Very cool. I may end up picking your brain about it down the road.

I hate it when I'm right cheeky

Was able to get the car in the air tonight and give it a closer look. Thankfully no real surprises! It seems to be in remarkably decent mechanical shape, the only thing added to the list is a VERY slightly loose inner tie rod. 

Having confirmed it's not a massive heap, time to order some parts... 

NGTD UberDork
3/2/18 9:22 p.m.

Next time you find another one of these for $500, give me a call. Especially with a stick!

thestig99 Dork
3/10/18 7:36 p.m.
NGTD said:

Next time you find another one of these for $500, give me a call. Especially with a stick!

They're around! Just generally they're as E36 M3ty as I expected this car to be. 

Somehow, this thing has actually been really solid.

In terms of an update, the first issue was the exhaust. The midpipe is a VERY common failure in these. Typically they start to leak in the "V" where the center pipe splits to feed the two rear mufflers. This was already a pretty crappy looking aftermarket piece, and the pipe iteslf had failed elswhere... 

New piece, $120 shipped from Amazon.

Unfortunately I didn't realize that there was a difference in the midpipe between cars with California emissions and federal emissions. This car is federal, the pipe I ordered is California. As a result... it didn't quite fit. 

In addition to the length the flange for the left side muffler needed some tweaking...

With some cutting and welding (thanks dad!), it worked out in the end.

This was Saturday, and made the car inspectable. Then Sunday, this happened...

My (cardboard) temporarly license plate got soggy and disappeared somewhere on I89. FUN FACT! If this happens, VT DMV will not issue a new one. They tell you to go back to the dealer who issued it... but the dealer can't issue a new one either. And nobody will inspect it with no plates.  So I got to daily drive the car for a week with no plates and no inspection Somehow I never got pulled over. A dirty Subaru wagon really is an invisibility cloak in Vermont. 

During which time my Jazzy engineering aux in kit arrived. Yanked the headunit out and installed that

Here's the guts of it. It utilizes a silent CD in the OEM CD player and intercepts that signal for its 3.5mm aux cord. (or some science stuff)

Unfortunately, it turns out the headphone jack in my phone is berked, so I still can't really use it.  I thought it was just my cheap earbuds being wonky. Oh well, appointment to get my phone fixed this coming week. 

Thankfully my permanent plates showed up the same day, so I was finally able to get that almighty inspection sticker:

More good news: I'm starting to actually like this car. Definitely much better than my last '05 5spd Outback. Need to baseline the maintenance, then I can hopefully get to the "making lemonade" phase and make it a little more "nice".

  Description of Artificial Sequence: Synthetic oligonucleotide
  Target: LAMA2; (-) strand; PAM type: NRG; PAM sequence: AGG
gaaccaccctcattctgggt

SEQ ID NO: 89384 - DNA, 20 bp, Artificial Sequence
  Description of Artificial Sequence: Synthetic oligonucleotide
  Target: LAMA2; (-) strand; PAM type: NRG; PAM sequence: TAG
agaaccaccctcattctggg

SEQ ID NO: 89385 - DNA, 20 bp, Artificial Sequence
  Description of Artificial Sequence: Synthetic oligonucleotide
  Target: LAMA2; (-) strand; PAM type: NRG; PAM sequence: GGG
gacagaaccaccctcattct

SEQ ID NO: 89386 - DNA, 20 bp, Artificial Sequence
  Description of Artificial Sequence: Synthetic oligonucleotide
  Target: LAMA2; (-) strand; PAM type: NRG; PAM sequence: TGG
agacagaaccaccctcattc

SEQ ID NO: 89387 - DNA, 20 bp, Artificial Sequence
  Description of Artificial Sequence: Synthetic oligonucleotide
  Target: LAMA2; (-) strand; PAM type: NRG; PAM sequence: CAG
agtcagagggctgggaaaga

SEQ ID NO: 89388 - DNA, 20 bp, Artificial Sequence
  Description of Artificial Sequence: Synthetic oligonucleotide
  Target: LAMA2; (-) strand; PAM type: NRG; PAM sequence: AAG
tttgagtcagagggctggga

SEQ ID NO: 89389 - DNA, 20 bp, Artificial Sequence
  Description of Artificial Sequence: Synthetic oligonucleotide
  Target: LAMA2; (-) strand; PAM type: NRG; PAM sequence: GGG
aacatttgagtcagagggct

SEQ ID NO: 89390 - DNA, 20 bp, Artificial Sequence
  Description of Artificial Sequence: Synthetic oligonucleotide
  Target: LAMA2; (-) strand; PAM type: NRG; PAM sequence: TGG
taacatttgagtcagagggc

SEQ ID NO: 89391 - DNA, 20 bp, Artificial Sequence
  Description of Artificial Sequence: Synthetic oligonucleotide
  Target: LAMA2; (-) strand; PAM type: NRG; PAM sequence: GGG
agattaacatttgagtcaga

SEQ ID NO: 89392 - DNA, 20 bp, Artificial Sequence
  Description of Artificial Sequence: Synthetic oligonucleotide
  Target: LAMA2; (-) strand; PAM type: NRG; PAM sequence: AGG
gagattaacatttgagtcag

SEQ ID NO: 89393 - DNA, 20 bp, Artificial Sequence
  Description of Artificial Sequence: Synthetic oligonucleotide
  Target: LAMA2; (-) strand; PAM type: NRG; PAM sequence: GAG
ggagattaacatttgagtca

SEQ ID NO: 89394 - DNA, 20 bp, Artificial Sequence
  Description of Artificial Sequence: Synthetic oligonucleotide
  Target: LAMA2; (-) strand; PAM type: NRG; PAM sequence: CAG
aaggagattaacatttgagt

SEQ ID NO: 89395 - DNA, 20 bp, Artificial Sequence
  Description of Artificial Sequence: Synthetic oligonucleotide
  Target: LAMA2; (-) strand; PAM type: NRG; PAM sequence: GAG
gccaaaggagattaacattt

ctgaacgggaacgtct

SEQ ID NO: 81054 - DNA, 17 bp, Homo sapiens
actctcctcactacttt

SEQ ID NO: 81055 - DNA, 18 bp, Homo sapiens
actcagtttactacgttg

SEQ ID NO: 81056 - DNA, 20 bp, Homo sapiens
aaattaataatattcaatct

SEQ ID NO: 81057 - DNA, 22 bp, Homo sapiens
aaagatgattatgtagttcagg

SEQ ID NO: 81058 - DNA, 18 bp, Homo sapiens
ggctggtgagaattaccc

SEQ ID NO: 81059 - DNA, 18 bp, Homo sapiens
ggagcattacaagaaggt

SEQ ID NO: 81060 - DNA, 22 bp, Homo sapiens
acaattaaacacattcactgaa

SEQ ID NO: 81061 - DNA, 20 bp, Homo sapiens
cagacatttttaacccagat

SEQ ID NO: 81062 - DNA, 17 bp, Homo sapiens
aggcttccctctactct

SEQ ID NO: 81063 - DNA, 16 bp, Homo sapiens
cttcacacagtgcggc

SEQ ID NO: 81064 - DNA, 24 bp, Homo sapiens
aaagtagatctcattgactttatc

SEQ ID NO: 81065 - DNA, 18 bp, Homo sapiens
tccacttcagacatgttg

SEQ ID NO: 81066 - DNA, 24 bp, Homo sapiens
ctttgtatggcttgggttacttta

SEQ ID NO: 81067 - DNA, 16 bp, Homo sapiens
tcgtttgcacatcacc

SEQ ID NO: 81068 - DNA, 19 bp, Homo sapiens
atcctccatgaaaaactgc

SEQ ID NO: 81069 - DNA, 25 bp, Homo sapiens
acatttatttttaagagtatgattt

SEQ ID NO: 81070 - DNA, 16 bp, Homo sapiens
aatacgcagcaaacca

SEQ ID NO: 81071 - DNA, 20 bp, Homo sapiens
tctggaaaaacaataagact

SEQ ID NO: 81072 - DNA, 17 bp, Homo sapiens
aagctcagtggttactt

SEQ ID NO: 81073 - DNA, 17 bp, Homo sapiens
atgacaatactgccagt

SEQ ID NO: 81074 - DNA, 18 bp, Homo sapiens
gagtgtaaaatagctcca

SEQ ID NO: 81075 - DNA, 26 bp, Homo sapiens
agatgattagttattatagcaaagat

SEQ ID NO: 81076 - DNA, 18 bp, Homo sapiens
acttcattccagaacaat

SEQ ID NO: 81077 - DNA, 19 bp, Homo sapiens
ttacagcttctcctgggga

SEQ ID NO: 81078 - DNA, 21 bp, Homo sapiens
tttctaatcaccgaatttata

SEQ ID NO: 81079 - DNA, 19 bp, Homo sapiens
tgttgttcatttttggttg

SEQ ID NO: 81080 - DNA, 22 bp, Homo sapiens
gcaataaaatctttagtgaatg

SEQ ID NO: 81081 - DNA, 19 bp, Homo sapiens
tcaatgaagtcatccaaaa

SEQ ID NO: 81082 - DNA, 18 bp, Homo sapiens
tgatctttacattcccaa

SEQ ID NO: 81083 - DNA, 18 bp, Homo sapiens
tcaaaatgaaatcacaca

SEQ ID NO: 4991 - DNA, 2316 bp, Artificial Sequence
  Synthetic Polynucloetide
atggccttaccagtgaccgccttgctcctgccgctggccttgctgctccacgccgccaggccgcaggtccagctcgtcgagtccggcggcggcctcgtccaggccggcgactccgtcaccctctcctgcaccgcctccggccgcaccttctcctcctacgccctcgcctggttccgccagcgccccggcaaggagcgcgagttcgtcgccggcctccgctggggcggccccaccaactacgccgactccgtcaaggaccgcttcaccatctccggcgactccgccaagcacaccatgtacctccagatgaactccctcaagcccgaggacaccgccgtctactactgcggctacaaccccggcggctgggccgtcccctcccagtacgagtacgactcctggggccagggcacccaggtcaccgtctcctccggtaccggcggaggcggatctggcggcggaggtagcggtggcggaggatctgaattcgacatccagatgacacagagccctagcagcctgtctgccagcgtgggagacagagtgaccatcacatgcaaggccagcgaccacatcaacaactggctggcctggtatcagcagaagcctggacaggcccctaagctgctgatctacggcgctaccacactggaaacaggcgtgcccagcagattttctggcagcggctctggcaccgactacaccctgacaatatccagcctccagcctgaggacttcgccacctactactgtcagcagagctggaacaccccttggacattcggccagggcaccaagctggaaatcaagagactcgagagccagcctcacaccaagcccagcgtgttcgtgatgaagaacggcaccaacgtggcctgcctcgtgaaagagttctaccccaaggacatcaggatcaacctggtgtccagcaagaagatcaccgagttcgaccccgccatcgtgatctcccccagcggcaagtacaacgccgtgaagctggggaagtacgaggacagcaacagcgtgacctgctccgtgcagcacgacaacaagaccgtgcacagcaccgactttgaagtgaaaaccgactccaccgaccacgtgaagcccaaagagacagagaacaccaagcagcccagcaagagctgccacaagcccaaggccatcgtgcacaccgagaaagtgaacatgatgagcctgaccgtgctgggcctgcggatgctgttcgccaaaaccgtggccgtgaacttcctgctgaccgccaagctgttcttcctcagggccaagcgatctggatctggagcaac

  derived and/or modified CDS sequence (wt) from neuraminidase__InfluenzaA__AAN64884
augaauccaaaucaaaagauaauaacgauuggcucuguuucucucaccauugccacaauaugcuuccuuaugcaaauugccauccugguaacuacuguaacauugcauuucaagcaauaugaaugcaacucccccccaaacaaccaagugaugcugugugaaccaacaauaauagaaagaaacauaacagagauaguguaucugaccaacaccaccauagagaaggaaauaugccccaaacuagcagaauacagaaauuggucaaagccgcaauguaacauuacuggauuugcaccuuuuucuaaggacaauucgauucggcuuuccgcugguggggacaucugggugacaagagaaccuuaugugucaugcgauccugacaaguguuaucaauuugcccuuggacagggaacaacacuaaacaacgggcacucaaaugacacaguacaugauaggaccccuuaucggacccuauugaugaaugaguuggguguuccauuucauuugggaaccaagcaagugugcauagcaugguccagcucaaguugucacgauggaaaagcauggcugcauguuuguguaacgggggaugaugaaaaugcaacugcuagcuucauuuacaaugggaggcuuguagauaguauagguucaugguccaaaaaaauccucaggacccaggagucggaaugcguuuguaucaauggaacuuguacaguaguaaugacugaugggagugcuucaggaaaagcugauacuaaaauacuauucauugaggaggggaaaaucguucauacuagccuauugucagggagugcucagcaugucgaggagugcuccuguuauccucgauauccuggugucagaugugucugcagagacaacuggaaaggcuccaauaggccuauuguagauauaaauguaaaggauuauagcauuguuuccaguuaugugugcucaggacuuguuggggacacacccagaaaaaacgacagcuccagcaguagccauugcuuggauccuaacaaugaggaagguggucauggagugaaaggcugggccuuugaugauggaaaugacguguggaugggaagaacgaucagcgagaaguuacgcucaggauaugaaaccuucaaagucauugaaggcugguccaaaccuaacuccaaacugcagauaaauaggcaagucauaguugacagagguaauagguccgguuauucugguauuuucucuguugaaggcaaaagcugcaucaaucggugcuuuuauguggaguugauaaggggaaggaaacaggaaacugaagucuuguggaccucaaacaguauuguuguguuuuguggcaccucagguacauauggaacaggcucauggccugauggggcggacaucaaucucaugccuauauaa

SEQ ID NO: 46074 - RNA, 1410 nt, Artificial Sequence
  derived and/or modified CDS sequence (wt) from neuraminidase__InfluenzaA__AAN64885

thestig99 Dork
6/23/18 6:15 p.m.

Best, most boring, car ever. I dumped a quart of oil in it the other day - that and washing it once is all the maintenance I've done in the past 5k miles (note to self: should probably change the oil).  The CEL fixed itself, it's just been turn key driving. 


Budget check?

$694 - Purchase price, including tax/title/reg

$119 - Amazon, exhaust midpipe

$50 - Napa, oil, filter, exhaust gaskets

$75 - Jazzy Engineering Aux In Pro Kit

$3.99 - 1qt of the gas stations finest 10w40

Total: $941.99

Fun math: This car averages 22-24mpg where the 4Runner it replaced managed 11-12mpg.  According to my math that 11mpg delta adds up to a fuel savings of 454.5 gallons over 5000 miles. At $2.95/gal for 87 octane that is a savings of $1,340.78 in fuel alone.surprise


thestig99 Dork
6/24/18 4:49 p.m.

Was cleaning today and found my roll of yellow tint. All Subaru fog lights should be yellow. I am not interested in counter arguments. 

I also found the mounting brackets I used to put the Hella 500 driving lights on my last Outback (pictured below). I have another pair of 500's somewhere floating around. I've been thinking about putting them on my Miata, but maybe they'll end up on the Subaru instead. 

IMG_3948 by Brian, on Flickr

thestig99 Dork
7/16/18 8:01 a.m.

Since I bought this car I've been slowly picking away at getting it detailed. This weekend I spent some time on the exterior which brought the whole car several steps closer to "respectable looking automotbile" so I thought I would share a few pictures.

This is what the interior looked like when I bought it:

Partway through cleaning the seats

I still have some work to do on the carpet, especially in the drivers footwell and around the center console (it appears the PO was a habitual coffee spiller), but this is the general state of things now:

Moving on to the outside... this car sure needed some love. 

13 year old 218k mile dirt road daily driver Vermont Subaru... and the paint shows every bit of it. I've washed this car precisely once and who knows how long it had been before that. Let's get started.

Iron remover doing stuff:

The transformation is never as striking on a light colored car and silver hides scratches very well in photos so you'll have to trust me that it was in rough shape. Here are some before and after shots of key areas that will help illustrate it:

Surface contamination? Yeah we have some of that.

(After claybar, before polishing)

Hatch before:

Hatch after (disregard my shirtless reflection that I just noticed cheeky):

1/4 and door before. Notice the big iron stain under the door handle, there were several of these around the car. I wish you could see all the scratches in this area.

1/4 and door after:

Finally, some general "finished product"* shots:

*It's worth noting this was very much a "quick and dirty" polish job. There is still a lot of room for improvement up close.

Now I want to fix and repaint the bumpers frown

thedanimal HalfDork
7/16/18 8:04 p.m.

As a detailer, I love bringing cars back to life. While light colors don’t always show the biggest improvement. This thing really looks a lot better overall. Good job!

CJ Reader
7/16/18 8:32 p.m.

That has to be the best looking $500 car I have ever seen.

adam525i Reader
7/16/18 9:36 p.m.

Road trip to challenge? It is wagon year...

Car looks great, I should really clean mine but I’ll rallycross it instead in a few weeks. 


thestig99 Dork
7/17/18 7:58 p.m.

Thanks guys!

Maybe it's my years at dealerships speaking but, to me, the most enjoyable part of detailing is bringing a car from 0 to 75%. Going from 75% to 90 or 100% just lacks that reward.

Adam, this one will be back to exploring class IV roads in no time laugh

Also, submitted an expense report for ~$200 in mileage on this car this morning. Should that go in the budget? cheeky